Island Life Magazine Ltd December 2008/January 2009 - Page 84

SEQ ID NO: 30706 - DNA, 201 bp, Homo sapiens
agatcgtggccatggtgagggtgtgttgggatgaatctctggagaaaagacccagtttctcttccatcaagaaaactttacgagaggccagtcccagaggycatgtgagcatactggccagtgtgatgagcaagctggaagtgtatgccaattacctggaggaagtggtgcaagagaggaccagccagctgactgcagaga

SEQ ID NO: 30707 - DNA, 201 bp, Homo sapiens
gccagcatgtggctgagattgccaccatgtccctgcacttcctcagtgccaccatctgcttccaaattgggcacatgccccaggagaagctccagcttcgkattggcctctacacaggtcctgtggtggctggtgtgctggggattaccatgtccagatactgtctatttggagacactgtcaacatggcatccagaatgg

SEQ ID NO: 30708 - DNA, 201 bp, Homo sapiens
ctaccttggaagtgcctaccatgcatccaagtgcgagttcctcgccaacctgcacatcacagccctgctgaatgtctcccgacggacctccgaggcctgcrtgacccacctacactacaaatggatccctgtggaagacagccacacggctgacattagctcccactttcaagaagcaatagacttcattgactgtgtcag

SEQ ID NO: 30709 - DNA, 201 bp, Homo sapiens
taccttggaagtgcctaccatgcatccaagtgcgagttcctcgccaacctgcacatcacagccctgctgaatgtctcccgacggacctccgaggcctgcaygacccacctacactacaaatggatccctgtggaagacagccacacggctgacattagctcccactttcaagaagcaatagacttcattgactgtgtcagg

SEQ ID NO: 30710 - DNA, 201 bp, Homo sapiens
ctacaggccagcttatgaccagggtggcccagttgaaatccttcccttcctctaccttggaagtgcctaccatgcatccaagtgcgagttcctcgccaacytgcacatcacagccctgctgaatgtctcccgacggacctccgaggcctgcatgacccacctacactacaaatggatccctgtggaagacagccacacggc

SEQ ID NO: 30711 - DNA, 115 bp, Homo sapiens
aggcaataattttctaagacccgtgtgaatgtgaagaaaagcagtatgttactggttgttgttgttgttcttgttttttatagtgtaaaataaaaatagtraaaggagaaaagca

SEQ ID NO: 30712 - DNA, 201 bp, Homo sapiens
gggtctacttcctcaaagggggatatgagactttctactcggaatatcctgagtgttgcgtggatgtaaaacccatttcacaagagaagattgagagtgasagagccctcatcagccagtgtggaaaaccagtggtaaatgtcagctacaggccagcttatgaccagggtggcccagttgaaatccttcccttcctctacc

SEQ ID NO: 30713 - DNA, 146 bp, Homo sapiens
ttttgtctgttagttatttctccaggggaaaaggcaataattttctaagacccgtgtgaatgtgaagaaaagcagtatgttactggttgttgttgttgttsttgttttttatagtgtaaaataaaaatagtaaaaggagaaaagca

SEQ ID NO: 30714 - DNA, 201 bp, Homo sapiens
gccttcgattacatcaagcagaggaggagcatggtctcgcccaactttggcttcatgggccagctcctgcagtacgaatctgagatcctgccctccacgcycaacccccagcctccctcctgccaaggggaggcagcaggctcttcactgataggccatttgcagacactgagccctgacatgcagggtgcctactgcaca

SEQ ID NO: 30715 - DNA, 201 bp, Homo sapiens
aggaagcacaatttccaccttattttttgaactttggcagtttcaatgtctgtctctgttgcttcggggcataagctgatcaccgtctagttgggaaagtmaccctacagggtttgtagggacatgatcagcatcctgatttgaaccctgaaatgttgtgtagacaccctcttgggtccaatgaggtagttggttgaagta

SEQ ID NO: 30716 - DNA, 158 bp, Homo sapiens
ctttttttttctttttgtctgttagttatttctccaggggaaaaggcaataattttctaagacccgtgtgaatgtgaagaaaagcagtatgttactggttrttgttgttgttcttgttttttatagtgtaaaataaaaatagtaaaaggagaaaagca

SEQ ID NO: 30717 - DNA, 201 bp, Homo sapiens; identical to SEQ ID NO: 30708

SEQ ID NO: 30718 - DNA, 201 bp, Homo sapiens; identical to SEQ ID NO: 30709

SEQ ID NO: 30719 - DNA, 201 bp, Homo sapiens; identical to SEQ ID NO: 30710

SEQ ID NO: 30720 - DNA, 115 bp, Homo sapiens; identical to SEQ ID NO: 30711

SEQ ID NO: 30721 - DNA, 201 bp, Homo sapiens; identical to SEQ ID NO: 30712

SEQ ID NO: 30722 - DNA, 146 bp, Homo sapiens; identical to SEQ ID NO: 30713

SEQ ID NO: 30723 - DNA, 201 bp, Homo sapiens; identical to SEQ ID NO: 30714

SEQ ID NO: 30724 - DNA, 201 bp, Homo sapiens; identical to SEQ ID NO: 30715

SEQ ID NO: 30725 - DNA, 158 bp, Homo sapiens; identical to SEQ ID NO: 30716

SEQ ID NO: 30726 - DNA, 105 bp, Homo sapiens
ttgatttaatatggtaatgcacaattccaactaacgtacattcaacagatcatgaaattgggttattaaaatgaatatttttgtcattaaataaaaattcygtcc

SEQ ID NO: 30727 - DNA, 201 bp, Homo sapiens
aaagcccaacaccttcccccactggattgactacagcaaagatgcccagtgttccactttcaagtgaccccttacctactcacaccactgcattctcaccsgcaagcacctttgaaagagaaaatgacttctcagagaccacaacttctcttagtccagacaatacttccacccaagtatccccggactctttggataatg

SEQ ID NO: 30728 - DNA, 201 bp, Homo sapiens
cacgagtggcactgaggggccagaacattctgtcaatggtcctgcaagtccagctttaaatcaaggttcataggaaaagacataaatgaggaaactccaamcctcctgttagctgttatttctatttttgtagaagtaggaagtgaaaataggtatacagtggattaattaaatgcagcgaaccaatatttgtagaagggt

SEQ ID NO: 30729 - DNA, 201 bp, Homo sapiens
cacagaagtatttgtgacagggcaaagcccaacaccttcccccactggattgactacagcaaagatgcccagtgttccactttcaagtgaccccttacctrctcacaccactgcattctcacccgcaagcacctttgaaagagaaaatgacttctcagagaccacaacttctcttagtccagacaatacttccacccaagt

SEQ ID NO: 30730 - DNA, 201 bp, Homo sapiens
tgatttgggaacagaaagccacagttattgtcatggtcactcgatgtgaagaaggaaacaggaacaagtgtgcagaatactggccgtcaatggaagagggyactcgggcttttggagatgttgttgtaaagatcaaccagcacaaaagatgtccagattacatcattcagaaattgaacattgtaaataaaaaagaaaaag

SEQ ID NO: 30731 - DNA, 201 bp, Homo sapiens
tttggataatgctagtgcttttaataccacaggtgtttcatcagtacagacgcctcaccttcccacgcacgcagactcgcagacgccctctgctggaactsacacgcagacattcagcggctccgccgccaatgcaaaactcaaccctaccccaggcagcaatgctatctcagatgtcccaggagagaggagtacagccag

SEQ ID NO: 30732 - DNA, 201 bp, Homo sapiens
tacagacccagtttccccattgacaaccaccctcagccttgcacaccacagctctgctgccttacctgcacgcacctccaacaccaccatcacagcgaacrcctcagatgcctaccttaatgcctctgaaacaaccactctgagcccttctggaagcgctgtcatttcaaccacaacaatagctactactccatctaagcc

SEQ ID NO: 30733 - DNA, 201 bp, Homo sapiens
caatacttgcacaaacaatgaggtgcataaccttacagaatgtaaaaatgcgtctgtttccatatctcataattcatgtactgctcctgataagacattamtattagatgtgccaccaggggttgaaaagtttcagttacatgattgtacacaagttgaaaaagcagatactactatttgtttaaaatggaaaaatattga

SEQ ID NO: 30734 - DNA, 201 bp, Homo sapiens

life EQUESTRIAN - Sponsored by Brickfields and Froghill Tack Photograph courtesy of Institute for Animal Health, Pirbright What is African Horse Sickness (AHS)? AHS is the most devastating horse disease on the planet. Up to 90% of infected horses die. So far, the disease has been largely confined to Africa but climate change, increased winds and higher summer temperatures mean that it could now be possible for the disease to spread to and thrive in Northern Europe, including Britain. AHS is related to the Bluetongue virus found in sheep and cattle. It is carried and transmitted to horses by the Culicoides family of midges, which are the most common midge in Britain and are also responsible for causing 84 sweet itch. So far, AHS has not been seen in this country but the infection of cattle and sheep with Bluetongue virus causes concern that AHS could also spread if it arrived in the UK. Once a horse has been bitten by a carrier midge, the incubation period of AHS is usually 7 – 14 days but may be as short as two. Although AHS is not directly contagious (not transmitted directly between horses), it can remain in infected horses for a few weeks enabling it to be transferred via blood-sucking midges or even contaminated hypodermic needles. There is no effective treatment. The Mad Control of Hatter’s AHS Tea Party AHS is included in the Infectious Diseases of Horses Order 1987 and the Specified Diseases (Notification & Slaughter) Order 1992. Any suspicion of the disease must be reported by the horse owner or vet to Defra which will implement control regulations. Current European legislation specifies that AHS must be controlled by the slaughter of infected animals, destruction of the carcasses and the establishment of a protection zone of at last 100 kilometres radius around infected premises. Because virus movement over long distances via windborne infected midges has been suggested, a further surveillance zone of at least another 50 kilometres (150 km total) would remain in force for 12 months at Teeth a minimum. Shark’s Vaccination Vaccination is available in Africa where they use a modified version of a live vaccine but none of these vaccines are approved for use in the EU. Live vaccines are unsuitable for Europe where we want to eradicate infection because there is no means of differentiating a vaccinated horse from one exposed to infection! Work is being undertaken by research institutes to develop a safe and effective vaccine but this has not yet resulted in products with commercial licences. Insecticides, repellents The Island's new funky radio station